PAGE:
This smudged mark from a Flow Blue wash basin should be hint that it might not be genuine.
To collectors, well-seasoned or novice, the subject of determining a maker or origin of a piece can be very confusing if it is outside their normal area of interest. Any markings that can be found can often help unravel the mystery if you know what the marks mean. If you don’t, however, they can lead you well astray of the truth. In this series of Q&A articles, I’m going to answer the questions I hear most often regarding marks on antiques and provide a straight path off an often twisted trail, as our first question indicates.
QUESTION: I have an antique Flow Blue wash basin set I bought at an auction some 15 years ago. Based on the mark, it would appear to be 1850s English Staffordshire, but I’ve not been able to find a match for it in any reference books. The company stamp is quite large and it’s marked “Ironstone Victoria Ware.” I’m more concerned about finding out some history about it rather than its value.
ANSWER: There is a very good reason why you have not been able to find this mark in any references for Staffordshire pottery: your set is a late 20th-century Chinese reproduction. The marking on it is supposed to give the impression it’s the “Lion and Unicorn” British Royal Arms, which was used as the basis of the markings on a good deal of 19th-century Staffordshire potteries. These fake “Royal Arms” marking always seem to be oversize and smudged compared to the 19th-century originals; this one is so badly smudged it’s hard to tell what’s actually depicted.
The original marks were quite clear and easy to read, mainly because, after all, they were meant as a form of advertising; a marking one could not read was useless for this purpose and would be seen as a sign of poor quality. Below are two renditions of genuine Royal Arms markings. As you can see they are both quite clear. The one on the left (below) has the maker’s name, while some—like the one on the right—will not have the full company name, sometimes just using initials of the company name.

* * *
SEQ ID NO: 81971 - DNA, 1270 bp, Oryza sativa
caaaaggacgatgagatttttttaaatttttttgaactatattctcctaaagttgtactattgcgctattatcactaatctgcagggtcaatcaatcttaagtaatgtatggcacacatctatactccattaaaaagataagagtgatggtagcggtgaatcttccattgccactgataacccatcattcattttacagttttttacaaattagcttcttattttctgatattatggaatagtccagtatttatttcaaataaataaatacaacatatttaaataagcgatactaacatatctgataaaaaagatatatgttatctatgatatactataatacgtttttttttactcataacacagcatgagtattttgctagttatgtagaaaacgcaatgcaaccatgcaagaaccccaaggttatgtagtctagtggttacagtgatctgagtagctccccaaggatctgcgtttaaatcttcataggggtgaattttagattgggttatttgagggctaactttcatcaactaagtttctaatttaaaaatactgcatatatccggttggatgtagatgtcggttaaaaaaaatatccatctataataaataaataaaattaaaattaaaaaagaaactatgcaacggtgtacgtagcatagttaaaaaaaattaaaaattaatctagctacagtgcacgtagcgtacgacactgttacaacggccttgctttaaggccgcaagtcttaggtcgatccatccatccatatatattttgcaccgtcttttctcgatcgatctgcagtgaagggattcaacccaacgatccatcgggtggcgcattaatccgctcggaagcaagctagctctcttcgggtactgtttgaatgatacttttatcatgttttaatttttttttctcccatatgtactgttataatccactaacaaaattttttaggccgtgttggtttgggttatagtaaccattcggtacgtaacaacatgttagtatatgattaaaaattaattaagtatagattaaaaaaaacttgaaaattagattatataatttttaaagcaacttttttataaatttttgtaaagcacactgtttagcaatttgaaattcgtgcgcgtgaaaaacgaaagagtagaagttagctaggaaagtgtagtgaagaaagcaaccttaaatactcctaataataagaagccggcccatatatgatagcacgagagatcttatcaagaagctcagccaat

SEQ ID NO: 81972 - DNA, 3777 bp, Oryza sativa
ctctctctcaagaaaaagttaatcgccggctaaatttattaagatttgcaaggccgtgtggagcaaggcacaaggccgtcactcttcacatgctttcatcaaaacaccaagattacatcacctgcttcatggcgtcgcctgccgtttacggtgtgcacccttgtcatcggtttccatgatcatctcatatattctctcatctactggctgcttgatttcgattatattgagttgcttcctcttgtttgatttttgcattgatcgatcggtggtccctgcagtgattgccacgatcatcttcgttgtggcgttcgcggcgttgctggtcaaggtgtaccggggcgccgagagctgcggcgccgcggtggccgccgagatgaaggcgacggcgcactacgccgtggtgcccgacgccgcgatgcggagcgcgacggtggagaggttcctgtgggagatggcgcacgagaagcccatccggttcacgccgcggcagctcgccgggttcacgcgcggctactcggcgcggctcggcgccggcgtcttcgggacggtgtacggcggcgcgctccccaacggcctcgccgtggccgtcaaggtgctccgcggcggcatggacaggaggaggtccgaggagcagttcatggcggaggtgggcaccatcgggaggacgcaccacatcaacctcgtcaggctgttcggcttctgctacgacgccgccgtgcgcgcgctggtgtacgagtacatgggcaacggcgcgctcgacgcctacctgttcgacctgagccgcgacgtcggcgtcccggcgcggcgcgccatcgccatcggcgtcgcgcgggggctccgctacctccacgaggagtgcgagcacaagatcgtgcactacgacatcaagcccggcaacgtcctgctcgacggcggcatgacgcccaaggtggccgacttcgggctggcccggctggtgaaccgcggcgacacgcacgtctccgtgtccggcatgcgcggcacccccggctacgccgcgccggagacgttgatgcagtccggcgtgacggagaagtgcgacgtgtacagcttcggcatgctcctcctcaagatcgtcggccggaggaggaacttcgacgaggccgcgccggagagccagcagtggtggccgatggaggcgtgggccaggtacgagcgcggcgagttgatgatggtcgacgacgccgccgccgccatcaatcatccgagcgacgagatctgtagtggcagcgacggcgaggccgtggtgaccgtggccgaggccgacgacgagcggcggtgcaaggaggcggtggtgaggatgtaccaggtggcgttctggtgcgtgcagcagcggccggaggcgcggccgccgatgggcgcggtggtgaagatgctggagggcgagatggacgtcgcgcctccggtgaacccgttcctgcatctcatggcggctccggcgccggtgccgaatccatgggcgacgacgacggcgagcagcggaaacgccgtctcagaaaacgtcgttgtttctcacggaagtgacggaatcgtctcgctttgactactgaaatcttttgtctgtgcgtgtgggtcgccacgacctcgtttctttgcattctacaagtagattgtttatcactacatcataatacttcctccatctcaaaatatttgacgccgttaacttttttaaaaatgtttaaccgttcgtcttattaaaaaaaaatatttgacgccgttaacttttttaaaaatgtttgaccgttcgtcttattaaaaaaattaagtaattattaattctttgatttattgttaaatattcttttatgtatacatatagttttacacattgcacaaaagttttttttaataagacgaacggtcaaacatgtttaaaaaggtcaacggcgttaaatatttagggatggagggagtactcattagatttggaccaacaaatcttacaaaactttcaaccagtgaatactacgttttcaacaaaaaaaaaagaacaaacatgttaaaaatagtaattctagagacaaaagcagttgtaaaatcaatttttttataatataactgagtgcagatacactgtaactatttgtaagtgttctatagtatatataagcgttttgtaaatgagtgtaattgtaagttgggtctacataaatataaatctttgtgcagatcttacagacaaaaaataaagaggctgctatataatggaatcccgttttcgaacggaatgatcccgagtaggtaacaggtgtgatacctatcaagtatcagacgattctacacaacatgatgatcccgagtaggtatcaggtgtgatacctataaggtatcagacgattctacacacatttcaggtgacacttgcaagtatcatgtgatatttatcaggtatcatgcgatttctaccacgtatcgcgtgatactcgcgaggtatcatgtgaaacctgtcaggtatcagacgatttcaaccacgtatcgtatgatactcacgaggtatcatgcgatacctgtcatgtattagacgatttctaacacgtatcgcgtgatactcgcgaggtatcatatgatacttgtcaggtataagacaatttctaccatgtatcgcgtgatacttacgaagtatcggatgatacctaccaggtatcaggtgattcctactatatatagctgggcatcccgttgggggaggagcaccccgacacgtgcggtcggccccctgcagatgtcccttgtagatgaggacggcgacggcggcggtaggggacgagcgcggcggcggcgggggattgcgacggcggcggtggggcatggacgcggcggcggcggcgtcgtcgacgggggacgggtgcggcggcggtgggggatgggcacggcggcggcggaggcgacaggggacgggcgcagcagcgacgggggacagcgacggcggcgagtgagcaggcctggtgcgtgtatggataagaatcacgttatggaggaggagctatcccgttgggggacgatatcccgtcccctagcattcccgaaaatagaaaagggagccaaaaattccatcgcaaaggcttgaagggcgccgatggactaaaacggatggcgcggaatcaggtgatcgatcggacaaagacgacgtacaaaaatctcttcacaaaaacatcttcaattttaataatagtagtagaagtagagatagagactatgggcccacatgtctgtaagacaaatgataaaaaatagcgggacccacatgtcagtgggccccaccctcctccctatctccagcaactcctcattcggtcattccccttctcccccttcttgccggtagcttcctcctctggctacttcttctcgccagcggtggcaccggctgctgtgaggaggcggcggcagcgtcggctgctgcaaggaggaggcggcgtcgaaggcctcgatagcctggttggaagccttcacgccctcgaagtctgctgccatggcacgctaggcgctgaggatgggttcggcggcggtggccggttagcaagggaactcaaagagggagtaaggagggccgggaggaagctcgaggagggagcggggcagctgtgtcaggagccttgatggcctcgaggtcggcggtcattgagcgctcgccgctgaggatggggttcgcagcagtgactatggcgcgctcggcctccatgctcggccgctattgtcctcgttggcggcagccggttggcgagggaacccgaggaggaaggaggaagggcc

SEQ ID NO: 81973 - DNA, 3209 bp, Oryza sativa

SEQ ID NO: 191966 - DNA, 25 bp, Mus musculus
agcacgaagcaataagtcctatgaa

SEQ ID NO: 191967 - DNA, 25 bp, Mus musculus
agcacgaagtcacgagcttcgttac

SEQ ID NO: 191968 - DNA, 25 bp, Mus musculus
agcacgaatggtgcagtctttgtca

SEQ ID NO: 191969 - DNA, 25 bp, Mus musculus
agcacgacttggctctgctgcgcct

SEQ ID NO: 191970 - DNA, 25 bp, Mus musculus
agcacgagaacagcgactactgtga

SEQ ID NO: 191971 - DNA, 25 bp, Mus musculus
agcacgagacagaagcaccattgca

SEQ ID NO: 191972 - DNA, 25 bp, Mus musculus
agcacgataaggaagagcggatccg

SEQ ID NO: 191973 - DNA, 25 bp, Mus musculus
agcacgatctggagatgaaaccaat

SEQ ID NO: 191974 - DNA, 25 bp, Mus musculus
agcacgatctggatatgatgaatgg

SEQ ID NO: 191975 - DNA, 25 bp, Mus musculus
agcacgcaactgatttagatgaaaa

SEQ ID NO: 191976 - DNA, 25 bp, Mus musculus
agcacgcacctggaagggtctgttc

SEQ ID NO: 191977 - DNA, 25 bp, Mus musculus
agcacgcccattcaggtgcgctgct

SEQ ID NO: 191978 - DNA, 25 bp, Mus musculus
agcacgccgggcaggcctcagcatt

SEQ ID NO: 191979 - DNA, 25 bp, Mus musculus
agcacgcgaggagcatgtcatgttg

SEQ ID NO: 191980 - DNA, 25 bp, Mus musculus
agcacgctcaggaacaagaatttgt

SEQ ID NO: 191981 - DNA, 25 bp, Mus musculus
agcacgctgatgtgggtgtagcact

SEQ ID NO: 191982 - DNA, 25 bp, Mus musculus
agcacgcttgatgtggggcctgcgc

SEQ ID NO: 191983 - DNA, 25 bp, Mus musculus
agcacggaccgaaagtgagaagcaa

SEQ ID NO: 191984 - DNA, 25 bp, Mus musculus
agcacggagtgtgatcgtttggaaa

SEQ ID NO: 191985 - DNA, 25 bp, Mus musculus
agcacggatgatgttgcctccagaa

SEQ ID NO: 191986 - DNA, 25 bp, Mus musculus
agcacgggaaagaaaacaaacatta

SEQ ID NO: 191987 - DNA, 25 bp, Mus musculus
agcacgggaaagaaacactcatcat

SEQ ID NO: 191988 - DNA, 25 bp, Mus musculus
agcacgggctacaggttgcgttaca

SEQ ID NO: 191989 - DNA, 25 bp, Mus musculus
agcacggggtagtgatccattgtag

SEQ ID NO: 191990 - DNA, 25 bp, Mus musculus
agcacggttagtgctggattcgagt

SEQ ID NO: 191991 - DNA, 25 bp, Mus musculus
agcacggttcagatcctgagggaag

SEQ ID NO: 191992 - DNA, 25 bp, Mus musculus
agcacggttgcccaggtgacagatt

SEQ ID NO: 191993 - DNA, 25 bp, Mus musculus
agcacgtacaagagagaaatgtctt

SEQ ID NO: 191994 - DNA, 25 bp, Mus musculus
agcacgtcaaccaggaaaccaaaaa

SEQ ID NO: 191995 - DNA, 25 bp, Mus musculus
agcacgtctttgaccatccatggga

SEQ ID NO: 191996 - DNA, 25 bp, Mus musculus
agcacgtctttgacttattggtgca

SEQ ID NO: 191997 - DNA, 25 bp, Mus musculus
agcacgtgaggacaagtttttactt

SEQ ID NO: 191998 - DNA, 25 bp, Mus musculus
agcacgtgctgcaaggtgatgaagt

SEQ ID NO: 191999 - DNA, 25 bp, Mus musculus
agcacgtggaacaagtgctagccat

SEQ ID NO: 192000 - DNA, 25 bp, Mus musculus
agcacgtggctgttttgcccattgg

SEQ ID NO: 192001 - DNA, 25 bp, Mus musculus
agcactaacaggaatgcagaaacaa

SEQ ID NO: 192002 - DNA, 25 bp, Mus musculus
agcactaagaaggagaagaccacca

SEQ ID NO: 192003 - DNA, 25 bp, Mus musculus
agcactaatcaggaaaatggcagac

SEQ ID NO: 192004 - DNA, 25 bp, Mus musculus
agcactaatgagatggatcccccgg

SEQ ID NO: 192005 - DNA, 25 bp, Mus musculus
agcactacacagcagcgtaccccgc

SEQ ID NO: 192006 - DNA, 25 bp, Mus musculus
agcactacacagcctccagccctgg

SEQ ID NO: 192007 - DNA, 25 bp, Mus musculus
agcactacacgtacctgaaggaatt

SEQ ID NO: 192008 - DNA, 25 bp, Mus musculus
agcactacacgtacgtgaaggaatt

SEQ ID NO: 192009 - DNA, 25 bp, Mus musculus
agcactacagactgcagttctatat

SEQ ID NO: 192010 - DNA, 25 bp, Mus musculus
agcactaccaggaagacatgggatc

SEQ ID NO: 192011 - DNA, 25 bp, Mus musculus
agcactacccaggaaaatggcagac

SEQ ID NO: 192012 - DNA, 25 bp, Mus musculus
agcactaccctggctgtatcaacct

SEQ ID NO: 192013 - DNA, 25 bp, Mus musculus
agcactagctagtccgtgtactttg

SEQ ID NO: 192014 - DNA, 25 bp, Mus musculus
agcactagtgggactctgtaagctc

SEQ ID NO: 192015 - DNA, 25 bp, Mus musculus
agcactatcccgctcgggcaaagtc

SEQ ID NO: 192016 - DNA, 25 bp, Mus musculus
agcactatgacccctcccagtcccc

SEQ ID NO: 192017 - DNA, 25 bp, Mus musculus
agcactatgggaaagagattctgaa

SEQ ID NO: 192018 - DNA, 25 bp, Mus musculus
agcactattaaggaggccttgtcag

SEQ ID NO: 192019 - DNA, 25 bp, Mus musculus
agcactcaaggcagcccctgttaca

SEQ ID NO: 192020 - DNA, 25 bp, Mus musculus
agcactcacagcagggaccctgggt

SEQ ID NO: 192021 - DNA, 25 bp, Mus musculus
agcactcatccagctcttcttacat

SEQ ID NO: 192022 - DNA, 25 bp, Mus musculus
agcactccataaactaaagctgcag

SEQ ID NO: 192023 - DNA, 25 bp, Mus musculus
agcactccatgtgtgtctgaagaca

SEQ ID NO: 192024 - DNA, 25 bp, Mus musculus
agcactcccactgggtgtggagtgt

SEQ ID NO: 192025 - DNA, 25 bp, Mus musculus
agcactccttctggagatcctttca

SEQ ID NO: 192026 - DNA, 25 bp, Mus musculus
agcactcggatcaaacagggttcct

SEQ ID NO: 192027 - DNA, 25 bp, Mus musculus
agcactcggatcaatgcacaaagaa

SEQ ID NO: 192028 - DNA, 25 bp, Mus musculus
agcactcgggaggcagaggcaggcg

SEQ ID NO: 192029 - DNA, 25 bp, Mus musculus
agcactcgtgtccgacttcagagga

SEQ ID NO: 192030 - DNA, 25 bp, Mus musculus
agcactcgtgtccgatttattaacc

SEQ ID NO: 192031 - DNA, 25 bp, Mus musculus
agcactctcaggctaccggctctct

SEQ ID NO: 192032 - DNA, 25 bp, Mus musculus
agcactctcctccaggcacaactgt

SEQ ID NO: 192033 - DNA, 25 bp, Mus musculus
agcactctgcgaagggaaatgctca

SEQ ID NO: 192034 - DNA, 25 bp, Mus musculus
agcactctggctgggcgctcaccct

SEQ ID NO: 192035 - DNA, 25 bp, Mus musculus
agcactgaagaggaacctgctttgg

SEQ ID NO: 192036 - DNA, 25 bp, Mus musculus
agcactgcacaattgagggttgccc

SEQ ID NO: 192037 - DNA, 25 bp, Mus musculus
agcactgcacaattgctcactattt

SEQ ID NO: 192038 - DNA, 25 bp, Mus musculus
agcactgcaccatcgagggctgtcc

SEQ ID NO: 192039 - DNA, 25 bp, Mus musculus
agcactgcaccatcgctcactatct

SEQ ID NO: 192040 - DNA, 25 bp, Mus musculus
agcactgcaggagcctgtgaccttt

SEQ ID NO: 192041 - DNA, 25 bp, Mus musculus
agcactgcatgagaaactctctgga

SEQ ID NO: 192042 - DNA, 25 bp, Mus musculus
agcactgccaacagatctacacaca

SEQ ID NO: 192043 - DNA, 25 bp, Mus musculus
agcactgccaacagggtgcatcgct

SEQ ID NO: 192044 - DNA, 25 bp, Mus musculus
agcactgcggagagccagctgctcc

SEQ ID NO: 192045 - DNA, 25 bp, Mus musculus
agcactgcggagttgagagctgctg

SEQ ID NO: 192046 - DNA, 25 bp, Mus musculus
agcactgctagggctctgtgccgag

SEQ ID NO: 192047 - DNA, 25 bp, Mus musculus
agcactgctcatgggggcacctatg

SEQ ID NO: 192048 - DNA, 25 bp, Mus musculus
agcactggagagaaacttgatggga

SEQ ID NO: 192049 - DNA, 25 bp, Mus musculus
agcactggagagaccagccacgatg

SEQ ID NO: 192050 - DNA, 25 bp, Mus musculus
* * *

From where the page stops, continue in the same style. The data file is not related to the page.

A mark for Morley & Ashworth Imperial Ironstone that uses the “Royal Arms” lion and unicorn.
This mark simply uses the manufacturer’s initials, H and B, but also employs the “royal Arms” lion and unicorn.
I should also point out that on genuine pieces of English Staffordshire, the Royal Arms marking can also help date the piece that it’s on. For example, the quartered shield as can be seen on both images above tend to be found on pieces made after1837. Pieces made prior to 1837 use an older Royal Arms marking that shows an extra shield placed in the center of the oval quartered shield, as can be seen in the image below.
A Royal Arms mark used prior to 1837.
As for the maker of your set, it’s reported such sets have been produced by the “Staffordshire Figure Company Ltd.” Its circa-1996 catalog lists about 20 different pieces, including wash basin sets in a variety of Victorian type transfer patterns. Last I checked, this company has dissolved and is no longer in operation. I first noticed these reproduction pieces like this in the 1980s and, judging by the huge amount of it still being sold in forms I’ve not seen before, it would appear someone is still importing it.
Mike Wilcox, of Wilcox & Hall Appraisers, is a Worthologist who specializes in Art Nouveau and the Arts and Craft movement.
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